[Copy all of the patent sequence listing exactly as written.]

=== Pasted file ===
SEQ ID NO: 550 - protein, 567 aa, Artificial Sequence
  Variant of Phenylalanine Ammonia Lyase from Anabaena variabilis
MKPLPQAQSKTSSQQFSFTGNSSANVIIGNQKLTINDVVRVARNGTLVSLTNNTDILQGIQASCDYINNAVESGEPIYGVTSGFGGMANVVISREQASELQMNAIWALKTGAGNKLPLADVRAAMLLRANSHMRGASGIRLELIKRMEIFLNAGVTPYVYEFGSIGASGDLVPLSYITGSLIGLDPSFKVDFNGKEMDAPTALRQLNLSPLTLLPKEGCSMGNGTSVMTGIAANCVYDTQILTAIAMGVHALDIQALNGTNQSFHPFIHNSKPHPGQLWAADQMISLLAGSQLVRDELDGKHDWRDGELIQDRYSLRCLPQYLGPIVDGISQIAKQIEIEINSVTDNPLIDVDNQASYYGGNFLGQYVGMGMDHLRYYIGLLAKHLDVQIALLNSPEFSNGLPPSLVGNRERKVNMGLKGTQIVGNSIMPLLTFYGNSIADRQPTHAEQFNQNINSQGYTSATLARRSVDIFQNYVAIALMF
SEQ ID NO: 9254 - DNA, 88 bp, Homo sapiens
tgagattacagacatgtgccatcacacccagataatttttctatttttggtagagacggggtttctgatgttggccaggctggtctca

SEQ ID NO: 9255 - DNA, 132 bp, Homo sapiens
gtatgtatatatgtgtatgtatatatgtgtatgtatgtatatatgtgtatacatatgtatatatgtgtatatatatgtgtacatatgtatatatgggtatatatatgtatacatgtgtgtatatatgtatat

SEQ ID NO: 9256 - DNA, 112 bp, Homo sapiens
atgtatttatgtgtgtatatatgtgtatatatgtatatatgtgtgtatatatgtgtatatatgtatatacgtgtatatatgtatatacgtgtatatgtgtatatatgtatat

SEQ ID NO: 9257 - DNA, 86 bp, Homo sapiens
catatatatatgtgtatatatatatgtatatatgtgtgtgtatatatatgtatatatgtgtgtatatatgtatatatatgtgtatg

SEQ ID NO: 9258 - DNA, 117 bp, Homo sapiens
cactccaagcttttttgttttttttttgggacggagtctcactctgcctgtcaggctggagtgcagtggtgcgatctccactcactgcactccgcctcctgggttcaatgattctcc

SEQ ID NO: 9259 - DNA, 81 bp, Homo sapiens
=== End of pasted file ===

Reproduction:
SEQ ID NO: 550 - protein, 567 aa, Artificial Sequence
  Variant of Phenylalanine Ammonia Lyase from Anabaena variabilis
MKPLPQAQSKTSSQQFSFTGNSSANVIIGNQKLTINDVVRVARNGTLVSLTNNTDILQGIQASCDYINNAVESGEPIYGVTSGFGGMANVVISREQASELQMNAIWALKTGAGNKLPLADVRAAMLLRANSHMRGASGIRLELIKRMEIFLNAGVTPYVYEFGSIGASGDLVPLSYITGSLIGLDPSFKVDFNGKEMDAPTALRQLNLSPLTLLPKEGCSMGNGTSVMTGIAANCVYDTQILTAIAMGVHALDIQALNGTNQSFHPFIHNSKPHPGQLWAADQMISLLAGSQLVRDELDGKHDWRDGELIQDRYSLRCLPQYLGPIVDGISQIAKQIEIEINSVTDNPLIDVDNQASYYGGNFLGQYVGMGMDHLRYYIGLLAKHLDVQIALLNSPEFSNGLPPSLVGNRERKVNMGLKGTQIVGNSIMPLLTFYGNSIADRQPTHAEQFNQNINSQGYTSATLARRSVDIFQNYVAIALMF
SEQ ID NO: 9254 - DNA, 88 bp, Homo sapiens
tgagattacagacatgtgccatcacacccagataatttttctatttttggtagagacggggtttctgatgttggccaggctggtctca

SEQ ID NO: 9255 - DNA, 132 bp, Homo sapiens
gtatgtatatatgtgtatgtatatatgtgtatgtatgtatatatgtgtatacatatgtatatatgtgtatatatatgtgtacatatgtatatatgggtatatatatgtatacatgtgtgtatatatgtatat

SEQ ID NO: 9256 - DNA, 112 bp, Homo sapiens
atgtatttatgtgtgtatatatgtgtatatatgtatatatgtgtgtatatatgtgtatatatgtatatacgtgtatatatgtatatacgtgtatatgtgtatatatgtatat

SEQ ID NO: 9257 - DNA, 86 bp, Homo sapiens
catatatatatgtgtatatatatatgtatatatgtgtgtgtatatatatgtatatatgtgtgtatatatgtatatatatgtgtatg

SEQ ID NO: 9258 - DNA, 117 bp, Homo sapiens
cactccaagcttttttgttttttttttgggacggagtctcactctgcctgtcaggctggagtgcagtggtgcgatctccactcactgcactccgcctcctgggttcaatgattctcc

SEQ ID NO: 9259 - DNA, 81 bp, Homo sapiens